Palace of the Porphyrogenitus
The Palace of the Porphyrogenitus, also known as the "Palace of Constantine
Porphyrogenitus" ( _tr. " Tekfur Sarayı") which means "Palace of the Emperor") is the ruins of a 13th century Byzantine palace in the north-western part of the old city of Constantinople(present-day Istanbul, Turkey).
The Palace was constructed during the late 12th or early 13th centuries as part of the palace complex of Blachernae, where the Theodosian Walls join with the later walls of the suburb of
BlachernaeAlthough the palace appears at first glance to be named after Constantine VII Porphyrogenitus, the 10th Century emperor, it was built long after his time. It is in fact named after Constantine Palaiologos, a son of the Emperor Michael VIII Palaiologos. [Treadgold, A History of the Byzantine State and Society. Pp.746 ] 'Porphyrogenitus', meaning literally 'born to the purple', in this context indicates a child who is heir to the Byzantine throne. The palace served as imperial residence during the final years of the Byzantine Empire.
The palace suffered extensive damage due to its proximity to the outer walls during the Ottoman conquest of Constantinople in 1453. Afterwards, it was used for a wide variety of purposes. During the 16th and 17th century, it housed part of the Sultan's
menagerie. The animals were moved elsewhere by the end of the 17th century, and the building was used as a brothel. From 1719, the Tekfur Saray pottery workshop was constructed, and began to produce ceramic tiles in a style similar to that of İznik tiles, but influenced by European designs and colors. The studio had five kilns and also produced vessels and dishes. [Blair. The Art and Architecture of Islam, 1250-1800. Pp.237 ] The project lasted for around a century before going out of business, and by the first half of the 19th century, the building became a poorhouse for Istanbul Jews. In the early 20th century, it was briefly used as a bottle factory, before being abandoned. [Freely. Blue Guide Istanbul. Pp.270] As a result, only the elaborate brick and stone outer façade survives today, but it is the only major surviving example of secular Byzantine architecture. As of 2006, the palace was undergoing extensive restoration.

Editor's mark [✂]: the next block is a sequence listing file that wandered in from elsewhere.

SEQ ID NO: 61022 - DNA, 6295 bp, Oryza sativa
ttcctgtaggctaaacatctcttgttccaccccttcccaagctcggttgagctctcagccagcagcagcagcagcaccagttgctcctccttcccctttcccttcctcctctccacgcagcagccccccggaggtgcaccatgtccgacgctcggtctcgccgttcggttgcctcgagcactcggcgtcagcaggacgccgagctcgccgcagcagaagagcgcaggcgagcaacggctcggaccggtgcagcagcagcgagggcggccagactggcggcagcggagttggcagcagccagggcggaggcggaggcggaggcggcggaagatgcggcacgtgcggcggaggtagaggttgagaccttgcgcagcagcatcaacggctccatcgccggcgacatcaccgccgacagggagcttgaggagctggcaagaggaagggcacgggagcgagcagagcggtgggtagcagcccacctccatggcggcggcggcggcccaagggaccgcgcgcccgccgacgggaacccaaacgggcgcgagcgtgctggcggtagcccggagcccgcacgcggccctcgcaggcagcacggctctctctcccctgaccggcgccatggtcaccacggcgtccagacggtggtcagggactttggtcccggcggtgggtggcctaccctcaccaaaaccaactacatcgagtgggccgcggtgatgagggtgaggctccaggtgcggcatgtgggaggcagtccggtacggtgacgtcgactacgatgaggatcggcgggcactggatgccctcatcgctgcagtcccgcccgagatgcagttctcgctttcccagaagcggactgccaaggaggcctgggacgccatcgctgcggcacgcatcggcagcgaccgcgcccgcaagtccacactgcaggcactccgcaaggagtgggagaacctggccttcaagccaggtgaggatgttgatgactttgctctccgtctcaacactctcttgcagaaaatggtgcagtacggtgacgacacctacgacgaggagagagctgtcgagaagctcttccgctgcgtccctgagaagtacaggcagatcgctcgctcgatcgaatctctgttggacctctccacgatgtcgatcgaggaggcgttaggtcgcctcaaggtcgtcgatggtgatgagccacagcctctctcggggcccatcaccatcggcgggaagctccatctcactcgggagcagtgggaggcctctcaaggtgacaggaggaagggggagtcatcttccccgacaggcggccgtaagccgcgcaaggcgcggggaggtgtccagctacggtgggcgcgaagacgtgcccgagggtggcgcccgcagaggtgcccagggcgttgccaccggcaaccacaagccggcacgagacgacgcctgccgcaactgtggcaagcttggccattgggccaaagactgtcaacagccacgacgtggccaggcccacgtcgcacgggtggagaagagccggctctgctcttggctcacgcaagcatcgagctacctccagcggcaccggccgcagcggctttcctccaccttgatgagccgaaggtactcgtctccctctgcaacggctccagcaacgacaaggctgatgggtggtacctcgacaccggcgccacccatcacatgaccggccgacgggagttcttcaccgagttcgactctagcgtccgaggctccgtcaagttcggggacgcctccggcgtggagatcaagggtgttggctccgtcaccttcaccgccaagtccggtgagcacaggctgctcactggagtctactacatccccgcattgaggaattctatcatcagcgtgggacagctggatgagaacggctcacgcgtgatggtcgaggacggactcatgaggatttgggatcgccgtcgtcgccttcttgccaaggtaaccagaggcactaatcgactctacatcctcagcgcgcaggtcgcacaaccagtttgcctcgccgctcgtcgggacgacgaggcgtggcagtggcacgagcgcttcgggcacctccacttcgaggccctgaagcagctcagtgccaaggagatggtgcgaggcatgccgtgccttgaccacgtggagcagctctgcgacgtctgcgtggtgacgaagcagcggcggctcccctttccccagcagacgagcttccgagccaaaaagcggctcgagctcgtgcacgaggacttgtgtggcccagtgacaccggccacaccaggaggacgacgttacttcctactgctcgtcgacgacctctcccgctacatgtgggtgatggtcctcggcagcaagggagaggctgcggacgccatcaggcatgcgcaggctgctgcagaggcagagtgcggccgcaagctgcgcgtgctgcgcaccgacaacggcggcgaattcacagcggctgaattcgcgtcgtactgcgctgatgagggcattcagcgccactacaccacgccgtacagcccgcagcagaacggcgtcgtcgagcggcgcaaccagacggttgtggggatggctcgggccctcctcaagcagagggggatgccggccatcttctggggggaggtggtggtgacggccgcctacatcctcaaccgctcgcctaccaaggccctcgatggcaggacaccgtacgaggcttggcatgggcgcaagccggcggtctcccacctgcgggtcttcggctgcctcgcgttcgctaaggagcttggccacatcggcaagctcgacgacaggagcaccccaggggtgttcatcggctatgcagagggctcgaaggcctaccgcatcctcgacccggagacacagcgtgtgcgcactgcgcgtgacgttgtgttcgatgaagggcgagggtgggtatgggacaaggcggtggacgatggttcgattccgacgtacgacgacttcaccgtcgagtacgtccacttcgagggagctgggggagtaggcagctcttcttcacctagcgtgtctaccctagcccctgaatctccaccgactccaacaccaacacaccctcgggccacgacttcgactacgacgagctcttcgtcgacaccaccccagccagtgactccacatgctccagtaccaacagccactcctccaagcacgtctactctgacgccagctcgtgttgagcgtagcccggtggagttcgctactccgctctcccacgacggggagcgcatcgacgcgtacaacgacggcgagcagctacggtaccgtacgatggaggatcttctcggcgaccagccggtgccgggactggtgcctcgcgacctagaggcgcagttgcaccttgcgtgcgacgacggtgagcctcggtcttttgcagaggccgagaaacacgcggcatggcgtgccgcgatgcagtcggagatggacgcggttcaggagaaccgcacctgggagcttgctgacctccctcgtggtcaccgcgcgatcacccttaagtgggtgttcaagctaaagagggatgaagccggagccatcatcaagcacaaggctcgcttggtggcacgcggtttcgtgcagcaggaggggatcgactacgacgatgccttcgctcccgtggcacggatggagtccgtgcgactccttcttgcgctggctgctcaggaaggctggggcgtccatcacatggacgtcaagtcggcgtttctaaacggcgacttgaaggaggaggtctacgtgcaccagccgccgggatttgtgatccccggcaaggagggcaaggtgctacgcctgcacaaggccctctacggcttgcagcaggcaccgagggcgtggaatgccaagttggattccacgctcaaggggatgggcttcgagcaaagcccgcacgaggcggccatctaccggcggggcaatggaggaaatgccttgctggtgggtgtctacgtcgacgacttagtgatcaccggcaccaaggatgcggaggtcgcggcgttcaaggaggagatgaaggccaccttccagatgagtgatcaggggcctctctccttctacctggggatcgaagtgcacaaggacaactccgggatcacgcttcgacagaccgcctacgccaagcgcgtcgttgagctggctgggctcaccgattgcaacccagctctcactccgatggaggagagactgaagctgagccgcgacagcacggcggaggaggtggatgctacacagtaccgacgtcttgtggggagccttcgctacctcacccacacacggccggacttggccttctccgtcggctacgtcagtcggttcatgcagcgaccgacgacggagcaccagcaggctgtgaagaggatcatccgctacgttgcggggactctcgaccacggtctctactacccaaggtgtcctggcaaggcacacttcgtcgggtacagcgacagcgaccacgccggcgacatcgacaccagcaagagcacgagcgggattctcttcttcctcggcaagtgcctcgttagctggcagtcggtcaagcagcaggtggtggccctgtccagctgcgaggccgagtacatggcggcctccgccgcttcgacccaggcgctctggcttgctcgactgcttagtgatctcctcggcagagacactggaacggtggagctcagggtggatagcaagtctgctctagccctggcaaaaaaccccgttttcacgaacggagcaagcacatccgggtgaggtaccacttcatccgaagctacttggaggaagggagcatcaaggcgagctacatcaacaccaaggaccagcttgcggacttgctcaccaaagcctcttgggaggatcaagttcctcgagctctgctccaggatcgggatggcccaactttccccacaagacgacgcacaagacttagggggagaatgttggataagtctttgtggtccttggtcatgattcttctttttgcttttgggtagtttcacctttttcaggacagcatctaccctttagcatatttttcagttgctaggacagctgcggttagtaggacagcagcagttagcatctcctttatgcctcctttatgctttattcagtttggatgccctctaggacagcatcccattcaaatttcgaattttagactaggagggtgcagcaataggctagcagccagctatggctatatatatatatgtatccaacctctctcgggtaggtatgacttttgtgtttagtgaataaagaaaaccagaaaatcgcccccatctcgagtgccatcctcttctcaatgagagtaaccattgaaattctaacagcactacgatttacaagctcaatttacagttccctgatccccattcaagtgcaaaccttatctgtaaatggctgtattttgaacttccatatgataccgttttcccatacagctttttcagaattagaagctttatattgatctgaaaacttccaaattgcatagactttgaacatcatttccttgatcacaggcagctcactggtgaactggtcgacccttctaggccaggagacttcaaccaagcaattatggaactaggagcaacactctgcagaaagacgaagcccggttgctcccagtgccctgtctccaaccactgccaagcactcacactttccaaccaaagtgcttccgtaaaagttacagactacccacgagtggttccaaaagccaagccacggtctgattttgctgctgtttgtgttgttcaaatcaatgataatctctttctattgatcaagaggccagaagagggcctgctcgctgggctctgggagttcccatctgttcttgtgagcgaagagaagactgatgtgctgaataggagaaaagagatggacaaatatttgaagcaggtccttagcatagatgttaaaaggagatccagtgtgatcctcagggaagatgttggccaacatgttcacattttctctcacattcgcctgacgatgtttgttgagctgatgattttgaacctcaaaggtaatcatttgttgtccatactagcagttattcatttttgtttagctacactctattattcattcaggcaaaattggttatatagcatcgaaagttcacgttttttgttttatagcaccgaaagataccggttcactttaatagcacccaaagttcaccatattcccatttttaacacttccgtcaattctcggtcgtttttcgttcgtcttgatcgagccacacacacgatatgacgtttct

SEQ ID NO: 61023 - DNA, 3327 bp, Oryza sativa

The Palace was a large three-story building located between the inner and outer fortifications of the northern corner of the Theodosian Walls. The ground floor is an arcade with four arches, which opens into a courtyard overlooked by five large windows on the first floor. The top floor of the structure project above the walls, and has windows on all four sides. On the east is the remnant of a balcony. The roof and all of the floors of the structure have disappeared. The remaining walls are elaborately decorated in geometric designs using red
brickand white marbletypical of the late Byzantine period.
last = Freely
first = John
year = 2000
title = Blue Guide Istanbul
publisher = W. W. Norton & Company
id = ISBN 0393320146
last = Cruikshank
first = Dan
year = 1996
title = Sir Banister Fletcher's A History of Architecture.
publisher = Architectural Press
id = ISBN 0750622679
last = Blair
first = Shelia
year = 1996
title = The Art and Architecture of Islam, 1250-1800
publisher = Yale University Press
id = ISBN 0300064659
last = Treadgold
first = Warren
year = 1997
title = A History of the Byzantine State and Society
publisher = Stanford University Press
id = ISBN 0804726302
* [http://www.byzantium1200.com/tekfur.html 3D reconstruction of the palace from the "Byzantium 1200" website]
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